When Paul exhorts Timothy to fan into flame the gift that is in him, he is referring to his genuine and sincere faith, something that was passed down to him from his mother and grandmother (cf. 2:5). Then when he concludes the exhortation with a charge to guard the deposit that is entrusted to him he means the truth of the gospel and the gift of faith. Paul is reminding Timothy of what God has placed in him, in his heart, faith and the truth. Timothy was to guard it, but from what?

Paul draws a picture of Timothy’s faith as something that dwells in him, like we reside in a house. You can live in house and it be quiet and not very obvious! But Paul encouraged Timothy to fan his faith into roaring flame (2:6). In fact, the word means to reactivate, rekindle, and implies that to some degree and in some sense, Paul considered Timothy’s faith to have gone dormant. It was in need of being stirred up, reactivated, rekindled. It was not enough to have the faith dwelling in him. It needed to be burning in him, provoking him to action in the kingdom of God. Paul even hints that Timothy’s faith was dormant because of some kind of timidity on his part, some kind of fear that held him back from bold action on behalf of the gospel of Jesus Christ.

Paul had certainly taken his lumps for the gospel. He was in prison awaiting execution. This letter turns into one of the most personal Paul ever wrote, when he pleads for Timothy to come to him, to bring his cloak and books (4:13)! Paul urges Timothy to be bold and more aggressive in serving God. He urged him not to be ashamed of him, but to be willing to own Paul as a fellow disciple and to share in the work of the ministry and kingdom, while being willing to suffer if need be for it (2:8).

This gospel called us from sin to a holy life, a radically different life to the kind of life that is all around us in this world. The gospel of the kingdom and of salvation is a culture of life, transformed life, holy life, powerful life, victorious life, eternal life. The world thrives on a culture of death. It is violent, dispirited, harsh, selfish, grabbing, murderous, lying, immoral and opposed to God who is life. The gospel confronts the sin and culture of death in our world, with the message of life in Christ Jesus who conquered death by his resurrection, and who now imparts life to those who believe in him (2:10). Jesus has no just overcome death, but he has established life. He trounced death, and utterly defeated it. The victory is not just a negation of death, but the powerful and aggressive establishment of life, not just any life, but eternal life and immortality, holy life, life with God forever!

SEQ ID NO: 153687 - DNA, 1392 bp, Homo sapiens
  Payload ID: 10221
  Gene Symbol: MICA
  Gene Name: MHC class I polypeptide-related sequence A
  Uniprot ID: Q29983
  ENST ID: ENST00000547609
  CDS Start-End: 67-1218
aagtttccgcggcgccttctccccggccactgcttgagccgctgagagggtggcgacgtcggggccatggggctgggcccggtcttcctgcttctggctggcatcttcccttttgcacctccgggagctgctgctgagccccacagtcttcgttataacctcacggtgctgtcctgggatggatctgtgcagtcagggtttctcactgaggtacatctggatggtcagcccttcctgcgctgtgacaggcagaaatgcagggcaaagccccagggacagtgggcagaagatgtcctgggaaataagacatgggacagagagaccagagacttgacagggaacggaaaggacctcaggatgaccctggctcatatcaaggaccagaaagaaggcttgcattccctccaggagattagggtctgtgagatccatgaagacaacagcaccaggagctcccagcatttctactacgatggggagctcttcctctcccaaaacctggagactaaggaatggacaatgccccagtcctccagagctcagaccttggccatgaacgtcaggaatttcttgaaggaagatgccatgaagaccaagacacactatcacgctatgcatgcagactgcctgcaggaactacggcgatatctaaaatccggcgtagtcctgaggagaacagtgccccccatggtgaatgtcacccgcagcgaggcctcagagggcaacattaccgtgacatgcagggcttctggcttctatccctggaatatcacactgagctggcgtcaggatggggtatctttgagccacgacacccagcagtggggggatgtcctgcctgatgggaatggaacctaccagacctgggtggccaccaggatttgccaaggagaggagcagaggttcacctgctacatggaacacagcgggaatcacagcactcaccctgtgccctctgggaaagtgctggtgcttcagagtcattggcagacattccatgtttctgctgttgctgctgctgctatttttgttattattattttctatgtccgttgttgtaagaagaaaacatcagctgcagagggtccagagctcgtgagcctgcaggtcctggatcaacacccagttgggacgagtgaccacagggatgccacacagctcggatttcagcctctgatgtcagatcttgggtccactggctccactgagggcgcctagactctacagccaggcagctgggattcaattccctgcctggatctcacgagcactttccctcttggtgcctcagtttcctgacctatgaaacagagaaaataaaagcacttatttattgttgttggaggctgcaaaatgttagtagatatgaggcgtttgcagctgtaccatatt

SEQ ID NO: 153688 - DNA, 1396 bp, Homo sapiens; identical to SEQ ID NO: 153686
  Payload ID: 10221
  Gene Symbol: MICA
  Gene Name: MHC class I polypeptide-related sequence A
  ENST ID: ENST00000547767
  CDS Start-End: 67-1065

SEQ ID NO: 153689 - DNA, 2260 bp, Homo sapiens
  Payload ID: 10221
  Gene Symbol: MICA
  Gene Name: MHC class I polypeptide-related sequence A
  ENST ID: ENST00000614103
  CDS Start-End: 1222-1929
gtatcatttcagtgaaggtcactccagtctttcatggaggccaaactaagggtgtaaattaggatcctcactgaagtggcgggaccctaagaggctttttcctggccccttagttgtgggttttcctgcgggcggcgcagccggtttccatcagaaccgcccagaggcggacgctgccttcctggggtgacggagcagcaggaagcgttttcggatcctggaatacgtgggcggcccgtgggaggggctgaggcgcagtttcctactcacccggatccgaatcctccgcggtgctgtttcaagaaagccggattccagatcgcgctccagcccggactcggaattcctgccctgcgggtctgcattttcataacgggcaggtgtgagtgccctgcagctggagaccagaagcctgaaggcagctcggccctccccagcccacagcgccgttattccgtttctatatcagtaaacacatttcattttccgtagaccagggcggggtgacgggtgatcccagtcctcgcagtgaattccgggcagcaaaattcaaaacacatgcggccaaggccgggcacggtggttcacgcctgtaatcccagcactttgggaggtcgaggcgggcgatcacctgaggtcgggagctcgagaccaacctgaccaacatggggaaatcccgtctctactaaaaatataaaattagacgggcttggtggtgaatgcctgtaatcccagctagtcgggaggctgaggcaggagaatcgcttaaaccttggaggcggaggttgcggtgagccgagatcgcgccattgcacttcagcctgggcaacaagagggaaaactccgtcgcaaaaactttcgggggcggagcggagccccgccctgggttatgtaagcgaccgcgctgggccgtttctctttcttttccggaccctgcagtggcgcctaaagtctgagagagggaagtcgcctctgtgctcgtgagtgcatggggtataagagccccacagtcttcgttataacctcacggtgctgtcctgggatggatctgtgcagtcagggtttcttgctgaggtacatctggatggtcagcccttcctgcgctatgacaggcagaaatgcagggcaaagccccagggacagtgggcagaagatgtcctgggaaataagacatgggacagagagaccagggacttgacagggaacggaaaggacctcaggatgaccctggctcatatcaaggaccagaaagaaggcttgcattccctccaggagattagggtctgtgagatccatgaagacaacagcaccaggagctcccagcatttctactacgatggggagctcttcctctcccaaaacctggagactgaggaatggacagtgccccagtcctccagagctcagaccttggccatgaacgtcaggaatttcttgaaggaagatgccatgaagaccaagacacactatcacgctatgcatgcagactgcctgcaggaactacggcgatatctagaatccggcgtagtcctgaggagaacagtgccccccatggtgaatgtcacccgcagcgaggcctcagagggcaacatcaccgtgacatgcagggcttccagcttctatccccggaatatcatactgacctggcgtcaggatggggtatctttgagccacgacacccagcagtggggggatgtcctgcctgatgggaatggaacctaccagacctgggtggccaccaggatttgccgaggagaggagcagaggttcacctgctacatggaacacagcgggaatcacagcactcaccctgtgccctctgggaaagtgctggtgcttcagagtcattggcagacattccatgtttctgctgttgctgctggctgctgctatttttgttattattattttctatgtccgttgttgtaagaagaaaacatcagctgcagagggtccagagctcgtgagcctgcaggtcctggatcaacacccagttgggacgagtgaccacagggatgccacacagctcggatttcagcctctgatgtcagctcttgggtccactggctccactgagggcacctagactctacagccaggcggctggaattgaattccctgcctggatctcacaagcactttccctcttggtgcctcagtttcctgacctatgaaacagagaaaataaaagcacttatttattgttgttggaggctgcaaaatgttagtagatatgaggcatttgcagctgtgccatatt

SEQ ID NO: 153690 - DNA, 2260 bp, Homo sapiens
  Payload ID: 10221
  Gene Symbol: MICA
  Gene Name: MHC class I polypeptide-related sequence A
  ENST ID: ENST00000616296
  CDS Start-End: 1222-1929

He has made us heralds of that message (2:11). Those who have discovered life are to become aggressive, passionate and bold proclaimers of the gospel that brings life. Sure we will meet resistance and hardship (2:12a). However, just as God has made a deposit in us, so we have put our hope of eternal life on deposit with him, and he will keep and guard it until the day of its full realization (2:12b). It will not fail. We don’t have to be timid and fearful, as though our faith and place with God will be ripped from us. It is on deposit with him, and he is on guard to protect the integrity of our investment until we cash it in when Jesus returns.

The gospel promotes a culture of life, passionate, enthusiastic and bold life. There is no room for the culture of death and fear in the kingdom of God, that holds back or is waiting for something better to come along. The culture of life seizes the opportunities afforded by the Holy Spirit and aggressively serves God by proclaiming good news to the world. The church cannot exist in a culture of death that is simply content with quietly glowing embers. It must fan the flame, rekindle it, reactivate the passion to do the will of God.


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